Tue | Oct 17, 2017

Tech Times | The evolution of precision medicine

Published:Monday | October 3, 2016 | 12:00 AM

Herceptin, the original genetic drug, showed that not all cancers are alike.

Herceptin is the original targeted-drug therapy. The medication, which targets the HER2 protein associated with an aggressive form of breast cancer, was developed by the biotech company Genentech and won approval from the US Food and Drug Administration in 1998. It has been used to treat more than two million patients worldwide and has generated global sales of more than US$64 billion for the Swiss pharma giant Roche, which owns Genentech and markets Herceptin outside the US. Here's how the pioneer of precision medicine has evolved.

 

1985

 

National Institutes of Health shows that HER2 gene is frequently amplified in human breast tumor cells.

 

1990

 

Genentech scientists, having cloned the first human HER2 gene earlier, create Herceptin by humanising a mouse antibody directed at HER2. Third parties later estimate Genentech's development costs to be $150 to $200 million.

 

1992

 

Genentech requests authorisation from the FDA to administer Herceptin as an investigational drug.

 

1992-1998

 

Clinical trials look at the safety and efficacy of Herceptin alone or with chemotherapy for people with HER2-positive metastatic breast cancer.

 

March 1998

 

Genentech announces collaboration with diagnostics company Dako to develop commercial test to identify patients who overexpress HER2.

 

May 1998

 

Genentech requests FDA permission to market Herceptin. FDA designates it a 'Fast Track' and 'Priority Review' product, which means it fills an unmet medical need for a serious condition and will be reviewed within six months rather than the standard 10.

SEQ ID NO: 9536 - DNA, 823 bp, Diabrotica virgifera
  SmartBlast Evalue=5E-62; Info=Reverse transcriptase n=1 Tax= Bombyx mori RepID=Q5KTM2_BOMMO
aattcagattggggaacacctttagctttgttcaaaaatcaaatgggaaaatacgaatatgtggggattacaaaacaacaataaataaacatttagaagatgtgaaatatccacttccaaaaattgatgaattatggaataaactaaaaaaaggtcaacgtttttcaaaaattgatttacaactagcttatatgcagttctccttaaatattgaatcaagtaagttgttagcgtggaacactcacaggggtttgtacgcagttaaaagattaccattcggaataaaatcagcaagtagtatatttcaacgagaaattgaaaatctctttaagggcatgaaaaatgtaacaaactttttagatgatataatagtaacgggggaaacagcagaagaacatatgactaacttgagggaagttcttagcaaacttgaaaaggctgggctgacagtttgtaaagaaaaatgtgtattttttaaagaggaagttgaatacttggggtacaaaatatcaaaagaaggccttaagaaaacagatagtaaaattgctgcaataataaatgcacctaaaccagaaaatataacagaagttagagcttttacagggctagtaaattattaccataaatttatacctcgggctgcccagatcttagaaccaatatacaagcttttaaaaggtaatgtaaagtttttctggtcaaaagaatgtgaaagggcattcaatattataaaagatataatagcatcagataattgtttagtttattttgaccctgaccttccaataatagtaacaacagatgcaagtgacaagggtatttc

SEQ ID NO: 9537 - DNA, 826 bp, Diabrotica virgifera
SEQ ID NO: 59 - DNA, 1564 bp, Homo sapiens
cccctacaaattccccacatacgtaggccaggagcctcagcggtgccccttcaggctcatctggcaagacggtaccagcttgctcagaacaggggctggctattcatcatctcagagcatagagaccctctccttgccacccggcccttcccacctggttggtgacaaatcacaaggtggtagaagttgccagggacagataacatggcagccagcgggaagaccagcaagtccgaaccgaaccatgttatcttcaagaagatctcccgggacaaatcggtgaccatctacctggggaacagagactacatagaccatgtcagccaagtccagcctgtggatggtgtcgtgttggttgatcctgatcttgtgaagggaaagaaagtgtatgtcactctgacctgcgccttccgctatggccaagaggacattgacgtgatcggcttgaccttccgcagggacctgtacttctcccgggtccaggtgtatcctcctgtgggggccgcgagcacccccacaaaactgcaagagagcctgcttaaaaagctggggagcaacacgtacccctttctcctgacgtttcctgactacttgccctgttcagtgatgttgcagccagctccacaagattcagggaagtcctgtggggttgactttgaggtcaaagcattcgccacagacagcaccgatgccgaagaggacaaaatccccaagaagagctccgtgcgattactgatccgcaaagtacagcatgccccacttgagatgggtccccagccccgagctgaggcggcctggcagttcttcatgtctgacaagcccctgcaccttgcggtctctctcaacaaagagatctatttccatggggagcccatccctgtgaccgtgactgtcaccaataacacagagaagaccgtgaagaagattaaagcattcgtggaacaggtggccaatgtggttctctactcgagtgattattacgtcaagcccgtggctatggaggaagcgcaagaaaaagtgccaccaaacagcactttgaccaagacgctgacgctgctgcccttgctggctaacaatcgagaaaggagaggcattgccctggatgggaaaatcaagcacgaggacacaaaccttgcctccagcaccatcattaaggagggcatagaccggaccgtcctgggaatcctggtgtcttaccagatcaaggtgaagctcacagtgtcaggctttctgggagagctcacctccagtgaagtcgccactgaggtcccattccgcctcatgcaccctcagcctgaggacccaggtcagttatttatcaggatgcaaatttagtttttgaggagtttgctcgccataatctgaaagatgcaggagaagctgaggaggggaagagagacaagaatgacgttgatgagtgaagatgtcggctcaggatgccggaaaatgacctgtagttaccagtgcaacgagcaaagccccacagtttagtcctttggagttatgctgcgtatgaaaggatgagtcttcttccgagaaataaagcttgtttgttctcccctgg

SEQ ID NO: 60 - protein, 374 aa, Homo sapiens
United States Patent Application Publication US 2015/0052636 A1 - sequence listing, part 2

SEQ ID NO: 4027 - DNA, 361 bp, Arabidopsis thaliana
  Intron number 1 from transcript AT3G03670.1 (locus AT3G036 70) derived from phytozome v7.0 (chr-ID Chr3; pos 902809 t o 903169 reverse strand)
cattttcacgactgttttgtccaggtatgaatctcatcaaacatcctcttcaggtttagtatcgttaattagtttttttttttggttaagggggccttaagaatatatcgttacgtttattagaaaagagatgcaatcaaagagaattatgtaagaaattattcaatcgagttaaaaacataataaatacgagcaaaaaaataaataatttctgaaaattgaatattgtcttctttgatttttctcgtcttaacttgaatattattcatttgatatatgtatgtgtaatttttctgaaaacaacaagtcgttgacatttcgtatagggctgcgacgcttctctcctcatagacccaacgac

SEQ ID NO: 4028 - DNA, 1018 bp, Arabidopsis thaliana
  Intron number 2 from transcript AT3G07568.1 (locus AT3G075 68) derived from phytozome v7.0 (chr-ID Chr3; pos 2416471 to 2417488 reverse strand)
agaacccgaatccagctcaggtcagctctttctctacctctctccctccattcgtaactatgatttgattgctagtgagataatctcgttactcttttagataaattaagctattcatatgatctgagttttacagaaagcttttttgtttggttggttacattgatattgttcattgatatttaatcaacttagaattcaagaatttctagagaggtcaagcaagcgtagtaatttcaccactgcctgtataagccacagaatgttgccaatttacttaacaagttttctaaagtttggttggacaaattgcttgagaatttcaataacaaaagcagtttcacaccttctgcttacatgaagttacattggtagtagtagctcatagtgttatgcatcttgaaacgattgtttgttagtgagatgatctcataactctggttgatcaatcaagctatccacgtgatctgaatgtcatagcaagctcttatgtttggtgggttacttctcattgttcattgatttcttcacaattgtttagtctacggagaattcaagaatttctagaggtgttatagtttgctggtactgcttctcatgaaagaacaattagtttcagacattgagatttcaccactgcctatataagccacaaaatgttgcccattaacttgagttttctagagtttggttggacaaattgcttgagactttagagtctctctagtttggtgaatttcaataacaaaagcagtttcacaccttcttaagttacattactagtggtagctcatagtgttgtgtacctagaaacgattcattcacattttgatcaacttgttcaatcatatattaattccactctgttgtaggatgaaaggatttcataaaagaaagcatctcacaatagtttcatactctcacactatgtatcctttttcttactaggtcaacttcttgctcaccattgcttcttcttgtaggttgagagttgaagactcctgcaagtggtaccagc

September 1998

 

FDA approves Herceptin for the treatment of HER2-positive metastatic breast cancer and approves a diagnostic test to help identify patients.

 

August 2000

 

First European approval.

 

2006-2008

 

FDA approves three different Herceptin-based regimens for post-surgery treatment of early-stage HER2-positive breast cancer. Approval for gastric cancer follows.

 

2014

 

First patent for Herceptin expires in Europe. Following the lead of an Indian biotech firm that got a highly similar version of the drug approved in 2013, a South Korean company receives approval for a 'biosimilar' that shows no clinically meaningful difference in safety or effectiveness from the original product. Other Asian approvals follow.

 

May 2015

 

Shortly after President Obama announces his $215-million research project on precision medicine, the World Health Organization adds Herceptin to its list of essential medicines for low- and middle-income countries.

 

2019

 

First patent for Herceptin is scheduled to expire in the US.